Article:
RECENT ARTICLES
  • High School Tennis Losing Favor Among Top Players

    by George M. WIlcox. gwilcox@pioneerlocal.com May 2014

    Now that Hinsdale Central junior Michael Lorenzini has left the Red Devils, the competition to dethrone Martin Joyce as state champion continues to thin out. Later this month, the Ohio State-bound Joyce will attempt to become Hinsdale Central's first repeat state champion in boys singles since the legendary Marty Riessen won four titles from 1957-1960. Riessen and Deerfield's Mike Morrison (1983-86) are the only players to win four state singles titles since the IHSA began the state tournament in 1912.

  • Momentum Builds for Neutral-Court Prep Hoops Playoffs

    by Phil Anastasia; Inquirer Staff Writer May 2014

    Sectional title games in boys' and girls' basketball will be held on neutral courts at area colleges starting in 2016, according to a plan forwarded this week by the NJSIAA basketball committee. NJSIAA director Larry White said Wednesday the committee wants to implement the change in 2016 rather than 2015 to allow schools time to adjust schedules, especially with regard to the highly popular county tournaments in North and Central Jersey, as well as conference tournaments such as the Cape-Atlantic League's annual tournament. White said area colleges such as Rutgers-Camden and Stockton would be considered as possible sites for the South Jersey finals in four groups in boys' and girls' basketball.

  • Online Concussion Course for Coaches Idea Advances

    by Zachary White, zwhite@dailyherald.com May 2014

    SPRINGFIELD — A push to create an online certification program to teach high school sports coaches about concussions took another step forward Tuesday when it was approved by an Illinois Senate committee.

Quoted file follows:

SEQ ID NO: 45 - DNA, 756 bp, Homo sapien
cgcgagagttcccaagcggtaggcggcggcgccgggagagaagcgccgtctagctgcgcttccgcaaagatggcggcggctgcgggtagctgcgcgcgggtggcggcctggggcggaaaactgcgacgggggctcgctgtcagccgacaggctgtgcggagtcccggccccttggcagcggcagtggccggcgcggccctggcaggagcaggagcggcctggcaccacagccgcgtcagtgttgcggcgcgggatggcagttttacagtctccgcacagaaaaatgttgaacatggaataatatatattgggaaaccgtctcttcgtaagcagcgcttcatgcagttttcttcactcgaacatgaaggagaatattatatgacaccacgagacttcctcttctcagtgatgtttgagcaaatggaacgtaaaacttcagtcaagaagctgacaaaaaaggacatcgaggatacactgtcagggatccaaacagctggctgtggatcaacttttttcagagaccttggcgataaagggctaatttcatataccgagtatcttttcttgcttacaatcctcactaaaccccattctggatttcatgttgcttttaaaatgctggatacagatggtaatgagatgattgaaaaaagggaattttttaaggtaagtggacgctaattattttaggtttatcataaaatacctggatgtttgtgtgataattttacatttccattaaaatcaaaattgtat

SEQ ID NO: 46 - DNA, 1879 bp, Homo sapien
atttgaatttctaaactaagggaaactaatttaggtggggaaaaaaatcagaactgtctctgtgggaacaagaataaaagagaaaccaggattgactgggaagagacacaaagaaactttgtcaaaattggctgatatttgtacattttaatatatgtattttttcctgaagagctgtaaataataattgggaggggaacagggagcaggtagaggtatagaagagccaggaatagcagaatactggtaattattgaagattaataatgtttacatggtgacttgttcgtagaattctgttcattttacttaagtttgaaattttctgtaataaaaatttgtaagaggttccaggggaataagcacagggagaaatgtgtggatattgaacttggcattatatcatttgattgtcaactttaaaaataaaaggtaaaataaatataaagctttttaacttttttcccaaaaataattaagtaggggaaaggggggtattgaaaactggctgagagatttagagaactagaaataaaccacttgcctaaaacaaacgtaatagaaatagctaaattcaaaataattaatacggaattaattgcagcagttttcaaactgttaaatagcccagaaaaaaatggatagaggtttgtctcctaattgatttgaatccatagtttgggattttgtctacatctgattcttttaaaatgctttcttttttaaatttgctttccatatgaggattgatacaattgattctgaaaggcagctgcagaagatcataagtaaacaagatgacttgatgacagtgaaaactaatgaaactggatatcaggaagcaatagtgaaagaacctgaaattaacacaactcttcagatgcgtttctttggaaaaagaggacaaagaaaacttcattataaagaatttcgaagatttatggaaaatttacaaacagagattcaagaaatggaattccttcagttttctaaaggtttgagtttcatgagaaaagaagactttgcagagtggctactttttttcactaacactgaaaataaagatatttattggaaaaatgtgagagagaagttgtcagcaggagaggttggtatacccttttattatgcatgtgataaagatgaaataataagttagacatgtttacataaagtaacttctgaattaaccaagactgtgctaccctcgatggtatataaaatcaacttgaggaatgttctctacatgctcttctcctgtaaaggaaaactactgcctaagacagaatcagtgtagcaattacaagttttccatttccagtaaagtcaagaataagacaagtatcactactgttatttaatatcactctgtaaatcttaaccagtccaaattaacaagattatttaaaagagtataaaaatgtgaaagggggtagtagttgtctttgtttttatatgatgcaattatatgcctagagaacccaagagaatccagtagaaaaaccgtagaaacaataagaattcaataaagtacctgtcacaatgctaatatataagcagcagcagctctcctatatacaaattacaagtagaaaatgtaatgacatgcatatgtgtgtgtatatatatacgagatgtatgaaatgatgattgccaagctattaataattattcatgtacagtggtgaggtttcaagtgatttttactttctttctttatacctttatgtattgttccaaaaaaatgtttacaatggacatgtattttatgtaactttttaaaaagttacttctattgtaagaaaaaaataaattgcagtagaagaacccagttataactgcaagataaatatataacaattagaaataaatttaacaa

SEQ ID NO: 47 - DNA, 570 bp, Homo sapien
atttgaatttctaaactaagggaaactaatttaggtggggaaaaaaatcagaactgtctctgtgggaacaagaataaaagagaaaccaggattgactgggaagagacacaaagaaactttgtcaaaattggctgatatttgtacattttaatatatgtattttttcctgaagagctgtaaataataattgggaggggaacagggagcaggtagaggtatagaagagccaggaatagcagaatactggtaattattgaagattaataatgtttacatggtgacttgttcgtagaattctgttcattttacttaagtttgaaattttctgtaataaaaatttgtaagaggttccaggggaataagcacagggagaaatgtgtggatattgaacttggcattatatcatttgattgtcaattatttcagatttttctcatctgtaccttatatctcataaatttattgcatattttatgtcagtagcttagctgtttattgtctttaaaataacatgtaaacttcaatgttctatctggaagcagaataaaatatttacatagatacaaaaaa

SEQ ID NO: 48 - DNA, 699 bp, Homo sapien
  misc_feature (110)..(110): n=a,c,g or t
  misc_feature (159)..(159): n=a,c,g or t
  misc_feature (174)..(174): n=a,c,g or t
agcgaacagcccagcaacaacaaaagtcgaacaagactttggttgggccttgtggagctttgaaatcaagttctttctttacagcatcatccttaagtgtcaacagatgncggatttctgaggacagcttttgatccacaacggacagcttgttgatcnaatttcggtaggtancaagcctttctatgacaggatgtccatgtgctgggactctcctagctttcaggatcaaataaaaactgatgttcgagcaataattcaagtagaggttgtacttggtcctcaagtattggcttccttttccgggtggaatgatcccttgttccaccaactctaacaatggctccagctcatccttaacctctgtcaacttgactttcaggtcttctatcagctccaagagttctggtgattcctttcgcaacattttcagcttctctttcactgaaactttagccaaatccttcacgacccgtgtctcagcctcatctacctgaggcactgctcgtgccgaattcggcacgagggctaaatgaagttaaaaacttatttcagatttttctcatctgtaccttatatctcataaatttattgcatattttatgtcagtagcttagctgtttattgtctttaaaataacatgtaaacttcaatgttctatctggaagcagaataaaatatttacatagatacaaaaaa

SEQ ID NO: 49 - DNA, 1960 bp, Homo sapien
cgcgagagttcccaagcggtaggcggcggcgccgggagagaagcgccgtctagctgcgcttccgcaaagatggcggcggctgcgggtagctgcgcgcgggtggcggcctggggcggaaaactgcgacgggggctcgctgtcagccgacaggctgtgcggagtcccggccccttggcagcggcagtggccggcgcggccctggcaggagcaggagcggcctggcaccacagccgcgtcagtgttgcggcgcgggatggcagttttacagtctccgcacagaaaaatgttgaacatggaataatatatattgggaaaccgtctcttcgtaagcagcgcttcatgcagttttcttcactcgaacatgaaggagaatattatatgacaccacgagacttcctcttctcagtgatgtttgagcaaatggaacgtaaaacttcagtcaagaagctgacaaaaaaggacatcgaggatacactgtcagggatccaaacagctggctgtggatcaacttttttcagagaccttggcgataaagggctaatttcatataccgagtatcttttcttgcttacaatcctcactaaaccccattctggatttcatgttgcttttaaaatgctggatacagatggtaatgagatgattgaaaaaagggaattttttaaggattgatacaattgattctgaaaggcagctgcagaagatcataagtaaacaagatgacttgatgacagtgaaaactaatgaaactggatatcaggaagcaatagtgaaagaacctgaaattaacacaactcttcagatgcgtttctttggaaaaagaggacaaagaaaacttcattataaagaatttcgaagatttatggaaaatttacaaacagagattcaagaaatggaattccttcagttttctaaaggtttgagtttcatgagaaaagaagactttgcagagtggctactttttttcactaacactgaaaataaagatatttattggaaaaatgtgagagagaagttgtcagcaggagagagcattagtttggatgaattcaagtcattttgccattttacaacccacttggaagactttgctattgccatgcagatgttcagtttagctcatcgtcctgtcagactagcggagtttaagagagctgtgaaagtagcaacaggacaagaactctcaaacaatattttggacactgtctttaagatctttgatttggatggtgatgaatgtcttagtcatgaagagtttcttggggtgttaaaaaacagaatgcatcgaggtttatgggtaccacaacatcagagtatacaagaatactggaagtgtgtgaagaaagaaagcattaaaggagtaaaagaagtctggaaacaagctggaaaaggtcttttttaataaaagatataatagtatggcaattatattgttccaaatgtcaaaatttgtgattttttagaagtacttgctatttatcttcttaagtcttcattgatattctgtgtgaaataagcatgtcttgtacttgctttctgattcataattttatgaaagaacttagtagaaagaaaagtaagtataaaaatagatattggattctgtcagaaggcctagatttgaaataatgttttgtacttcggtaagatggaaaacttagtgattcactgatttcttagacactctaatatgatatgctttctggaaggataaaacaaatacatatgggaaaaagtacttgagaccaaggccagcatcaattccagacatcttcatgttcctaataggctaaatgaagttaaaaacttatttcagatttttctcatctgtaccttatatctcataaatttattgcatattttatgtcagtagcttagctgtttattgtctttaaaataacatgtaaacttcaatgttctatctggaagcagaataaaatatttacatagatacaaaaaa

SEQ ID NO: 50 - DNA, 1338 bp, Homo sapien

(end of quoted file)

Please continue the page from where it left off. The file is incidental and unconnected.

• Starter Strobe for Deaf Track Athlete Causes Controversy

    by Mitch Vingle May 2014

    Since the start of the Gazette Relays last week, controversy has been bubbling within state high school sports circles. It centered on a Capital High track athlete and a starter pistol. See, the former can't hear the latter. And there was a question whether Naquay Little, who has been deaf since birth, would be able to use a strobe starter in the upcoming regional and state track events. There was real concern the Secondary School Activities Commission might ban a device that not only signals a start for hearing runners, but flashes light for Little.

  • Public School Board Against Counting Band as Gym

    by Jon Swedien, Journal Staff Writer May 2014

    Students participating in marching band shouldn't be required to take gym class, several band directors told the Albuquerque Public Schools Board on Tuesday. APS should adopt a policy, as some other school districts have, allowing students to use their participation in marching band as a substitute for a two-semester gym class required to graduate. State law gives districts this choice and also allows Junior ROTC and athletics to substitute for gym.

  • IHSAA Comittee to Study Three-Class Basketball Proposal

    by Greg Jones High school sports editor May 2014

    The IHSAA Executive Committee tabled the Indiana Basketball Coaches Association's three-class proposal during a meeting Monday. Among several moves the board made, one was to put the complicated proposal on hold and form a committee with the IHSAA, IBCA and the state's athletic directors organization to work on specifics contained in the proposal.